While machine translation from one foreign language to another has come a long way in the last decade, until recently, it hasn’t done two things well: It hasn’t been instant, and it hasn’t worked well for spoken language, since the results often sounded robotic. According to Microsoft (News - Alert), however, it has overcome these barriers.
The company recently demonstrated a software engine that can translate spoken language almost instantly, while preserving both the speaker’s intonation and rhythm.
This breakthrough will be particularly significant for the call center industry. With companies becoming more globalized than ever and call centers outsourcing to foreign nations becoming more widespread, the need for effective machine translation is great. Take, for example, a Spanish-speaking North American consumer contacting a call center in India, where Spanish skills are lacking. Another instance can be found in a customer calling a customer support center who speaks a language no agents have skills for – Russian, for example. In light of this, a workable, instant spoken language translation solution could be invaluable.
Microsoft’s new technology, developed in partnership with the University of Toronto, is expected to be introduced into Bing Translate. It was first demonstrated by Microsoft’s senior VP for Research Rick Rashid during a presentation in Tianjin, China in October. Rashid doesn’t speak Chinese, but thanks to the solution, he was able to address the audience with no problems. More importantly, the Chinese speech closely resembled Rashid’s voice.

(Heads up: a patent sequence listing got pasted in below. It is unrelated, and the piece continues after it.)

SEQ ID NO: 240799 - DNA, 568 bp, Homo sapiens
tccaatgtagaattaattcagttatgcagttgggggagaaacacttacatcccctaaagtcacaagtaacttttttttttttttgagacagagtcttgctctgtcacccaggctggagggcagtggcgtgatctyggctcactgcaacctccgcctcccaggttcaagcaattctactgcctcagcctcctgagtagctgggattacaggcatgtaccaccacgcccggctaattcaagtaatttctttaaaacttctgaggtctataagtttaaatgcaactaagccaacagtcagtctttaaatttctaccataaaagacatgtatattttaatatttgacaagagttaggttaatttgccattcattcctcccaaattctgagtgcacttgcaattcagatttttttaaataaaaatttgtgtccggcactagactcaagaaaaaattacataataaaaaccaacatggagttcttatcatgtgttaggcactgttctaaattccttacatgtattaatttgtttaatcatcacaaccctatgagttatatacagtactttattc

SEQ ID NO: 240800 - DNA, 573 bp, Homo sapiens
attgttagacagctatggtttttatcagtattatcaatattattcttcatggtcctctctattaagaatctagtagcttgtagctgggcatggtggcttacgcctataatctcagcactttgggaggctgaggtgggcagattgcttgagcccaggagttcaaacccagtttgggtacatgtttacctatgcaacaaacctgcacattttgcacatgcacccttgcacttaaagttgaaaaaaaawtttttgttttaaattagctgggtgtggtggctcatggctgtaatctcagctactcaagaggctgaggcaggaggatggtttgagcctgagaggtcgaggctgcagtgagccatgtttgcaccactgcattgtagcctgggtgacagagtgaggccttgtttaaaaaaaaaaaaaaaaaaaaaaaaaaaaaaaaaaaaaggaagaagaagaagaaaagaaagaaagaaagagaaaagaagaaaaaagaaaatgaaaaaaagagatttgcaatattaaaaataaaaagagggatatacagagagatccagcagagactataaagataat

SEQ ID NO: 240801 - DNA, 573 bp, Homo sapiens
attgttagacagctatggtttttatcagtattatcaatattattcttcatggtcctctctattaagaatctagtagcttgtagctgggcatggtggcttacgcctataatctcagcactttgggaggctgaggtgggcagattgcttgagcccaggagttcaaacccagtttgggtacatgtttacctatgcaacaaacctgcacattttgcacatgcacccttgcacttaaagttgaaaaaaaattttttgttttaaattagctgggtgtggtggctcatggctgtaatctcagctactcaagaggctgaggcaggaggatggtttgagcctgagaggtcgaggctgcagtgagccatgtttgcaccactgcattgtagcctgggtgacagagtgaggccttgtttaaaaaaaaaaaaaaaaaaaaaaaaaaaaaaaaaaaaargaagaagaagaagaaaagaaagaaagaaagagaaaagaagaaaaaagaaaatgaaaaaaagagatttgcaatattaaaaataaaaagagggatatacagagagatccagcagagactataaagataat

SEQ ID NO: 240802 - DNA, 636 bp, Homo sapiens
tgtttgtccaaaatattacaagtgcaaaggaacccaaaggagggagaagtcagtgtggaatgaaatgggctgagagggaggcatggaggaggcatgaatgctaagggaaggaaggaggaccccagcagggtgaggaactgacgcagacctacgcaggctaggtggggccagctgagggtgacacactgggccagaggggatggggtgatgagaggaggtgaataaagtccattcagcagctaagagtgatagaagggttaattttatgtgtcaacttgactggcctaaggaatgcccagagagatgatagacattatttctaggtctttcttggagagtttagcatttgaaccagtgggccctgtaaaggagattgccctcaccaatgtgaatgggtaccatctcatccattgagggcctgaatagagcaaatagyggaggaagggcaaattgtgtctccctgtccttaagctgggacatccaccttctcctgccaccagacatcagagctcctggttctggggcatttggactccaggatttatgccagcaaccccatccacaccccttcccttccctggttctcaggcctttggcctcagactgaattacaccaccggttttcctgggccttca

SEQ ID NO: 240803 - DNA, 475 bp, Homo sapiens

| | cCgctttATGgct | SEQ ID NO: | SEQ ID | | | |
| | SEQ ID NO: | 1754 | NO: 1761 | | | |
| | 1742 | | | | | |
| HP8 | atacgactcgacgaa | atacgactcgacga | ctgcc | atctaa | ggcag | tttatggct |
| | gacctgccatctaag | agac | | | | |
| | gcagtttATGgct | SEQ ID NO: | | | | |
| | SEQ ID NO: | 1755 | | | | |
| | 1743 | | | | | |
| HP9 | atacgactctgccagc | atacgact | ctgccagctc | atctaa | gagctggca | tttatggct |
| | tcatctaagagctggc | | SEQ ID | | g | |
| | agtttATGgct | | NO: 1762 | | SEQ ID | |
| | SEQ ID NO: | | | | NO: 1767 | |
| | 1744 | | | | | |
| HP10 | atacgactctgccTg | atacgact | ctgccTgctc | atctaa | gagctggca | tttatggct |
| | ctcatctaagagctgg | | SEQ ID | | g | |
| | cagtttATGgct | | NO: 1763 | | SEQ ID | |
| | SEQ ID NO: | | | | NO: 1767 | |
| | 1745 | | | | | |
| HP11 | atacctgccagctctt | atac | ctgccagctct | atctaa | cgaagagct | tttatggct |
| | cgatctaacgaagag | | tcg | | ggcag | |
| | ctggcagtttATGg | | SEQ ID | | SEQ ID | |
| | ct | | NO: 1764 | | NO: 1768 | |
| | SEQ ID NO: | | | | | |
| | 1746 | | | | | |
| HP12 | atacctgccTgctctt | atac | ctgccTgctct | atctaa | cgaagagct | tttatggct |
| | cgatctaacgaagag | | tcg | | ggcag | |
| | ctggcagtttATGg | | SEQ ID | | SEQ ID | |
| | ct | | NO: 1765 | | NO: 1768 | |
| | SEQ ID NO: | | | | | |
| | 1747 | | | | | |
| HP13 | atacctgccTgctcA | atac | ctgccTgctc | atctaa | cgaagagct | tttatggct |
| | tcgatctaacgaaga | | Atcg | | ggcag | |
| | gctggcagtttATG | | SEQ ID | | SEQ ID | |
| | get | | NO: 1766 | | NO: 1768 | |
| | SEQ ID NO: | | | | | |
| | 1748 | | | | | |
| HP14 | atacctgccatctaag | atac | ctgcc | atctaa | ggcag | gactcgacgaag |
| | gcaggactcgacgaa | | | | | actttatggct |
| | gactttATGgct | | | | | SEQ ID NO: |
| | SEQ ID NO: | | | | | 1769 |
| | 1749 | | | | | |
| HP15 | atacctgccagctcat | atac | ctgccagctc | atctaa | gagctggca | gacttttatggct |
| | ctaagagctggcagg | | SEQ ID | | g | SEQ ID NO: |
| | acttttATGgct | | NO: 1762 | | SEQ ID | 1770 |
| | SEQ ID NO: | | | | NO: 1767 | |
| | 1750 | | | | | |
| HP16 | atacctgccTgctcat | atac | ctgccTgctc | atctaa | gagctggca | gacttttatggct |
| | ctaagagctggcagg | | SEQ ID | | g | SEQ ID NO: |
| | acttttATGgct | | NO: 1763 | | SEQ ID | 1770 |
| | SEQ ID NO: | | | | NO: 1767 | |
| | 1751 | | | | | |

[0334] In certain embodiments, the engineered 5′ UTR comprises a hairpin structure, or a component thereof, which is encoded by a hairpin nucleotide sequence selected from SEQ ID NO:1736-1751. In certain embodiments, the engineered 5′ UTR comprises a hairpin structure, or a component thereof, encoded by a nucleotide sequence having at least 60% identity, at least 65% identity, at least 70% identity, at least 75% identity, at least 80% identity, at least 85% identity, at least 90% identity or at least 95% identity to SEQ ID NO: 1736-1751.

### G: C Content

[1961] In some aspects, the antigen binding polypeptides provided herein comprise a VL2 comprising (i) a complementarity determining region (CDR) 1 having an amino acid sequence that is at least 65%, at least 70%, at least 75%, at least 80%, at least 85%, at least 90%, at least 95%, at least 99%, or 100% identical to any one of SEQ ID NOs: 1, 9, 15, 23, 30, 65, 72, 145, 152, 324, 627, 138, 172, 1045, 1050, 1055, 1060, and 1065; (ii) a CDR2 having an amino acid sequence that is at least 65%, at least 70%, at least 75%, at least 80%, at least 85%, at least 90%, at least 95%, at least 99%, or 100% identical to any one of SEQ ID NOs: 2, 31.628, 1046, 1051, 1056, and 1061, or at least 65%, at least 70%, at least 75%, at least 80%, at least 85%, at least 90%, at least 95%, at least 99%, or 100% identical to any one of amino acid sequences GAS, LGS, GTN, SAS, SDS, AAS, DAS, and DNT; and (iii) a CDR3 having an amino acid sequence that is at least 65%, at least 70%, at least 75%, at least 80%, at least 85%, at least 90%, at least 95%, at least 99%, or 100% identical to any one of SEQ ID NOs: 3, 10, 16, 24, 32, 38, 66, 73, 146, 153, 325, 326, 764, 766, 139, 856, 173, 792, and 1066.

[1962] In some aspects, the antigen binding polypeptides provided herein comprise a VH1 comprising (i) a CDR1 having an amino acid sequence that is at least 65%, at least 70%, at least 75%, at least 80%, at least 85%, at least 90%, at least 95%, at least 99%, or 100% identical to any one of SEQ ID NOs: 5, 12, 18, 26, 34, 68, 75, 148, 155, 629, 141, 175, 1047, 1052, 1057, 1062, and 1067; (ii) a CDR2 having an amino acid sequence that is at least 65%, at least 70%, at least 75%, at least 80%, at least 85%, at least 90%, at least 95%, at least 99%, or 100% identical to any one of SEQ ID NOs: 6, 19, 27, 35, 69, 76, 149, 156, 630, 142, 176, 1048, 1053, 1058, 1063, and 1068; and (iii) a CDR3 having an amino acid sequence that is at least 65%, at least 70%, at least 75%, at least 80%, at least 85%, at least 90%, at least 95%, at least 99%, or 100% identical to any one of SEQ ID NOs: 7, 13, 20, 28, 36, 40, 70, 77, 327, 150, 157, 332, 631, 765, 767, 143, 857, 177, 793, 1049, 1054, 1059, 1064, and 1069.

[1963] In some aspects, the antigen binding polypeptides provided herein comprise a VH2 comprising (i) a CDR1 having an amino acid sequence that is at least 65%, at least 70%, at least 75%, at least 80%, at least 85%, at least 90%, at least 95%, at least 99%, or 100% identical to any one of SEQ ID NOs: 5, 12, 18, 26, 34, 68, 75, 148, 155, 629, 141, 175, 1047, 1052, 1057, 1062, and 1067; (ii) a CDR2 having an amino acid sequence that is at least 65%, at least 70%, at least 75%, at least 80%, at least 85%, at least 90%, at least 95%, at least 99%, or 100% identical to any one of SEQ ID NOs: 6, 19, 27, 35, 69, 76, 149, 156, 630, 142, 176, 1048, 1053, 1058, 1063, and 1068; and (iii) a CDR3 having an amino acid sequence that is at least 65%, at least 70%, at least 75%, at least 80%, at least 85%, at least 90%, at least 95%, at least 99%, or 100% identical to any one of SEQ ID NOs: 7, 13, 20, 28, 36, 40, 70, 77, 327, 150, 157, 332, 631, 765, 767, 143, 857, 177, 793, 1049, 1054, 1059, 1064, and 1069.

In a recent blog post, Rashid said the technology works differently than other machine translation solutions. By using a technique called Deep Neural Networks, which is patterned after human brain behavior, researchers were able to train more discriminative and better speech recognizers than previous methods.
It’s likely that not far down the road, language will no longer become a limitation in contact centers. The applications beyond contact centers are vast as well: think of eliminating language barriers in sales presentations, video and audio conferencing and Web video.
According to the BBC, several technology companies, including AT&T, NTT Docomo and Google (News - Alert), are currently working on similar translation projects, the Web site TechWeekEurope is reporting.
You can see a demonstration of the technology here.
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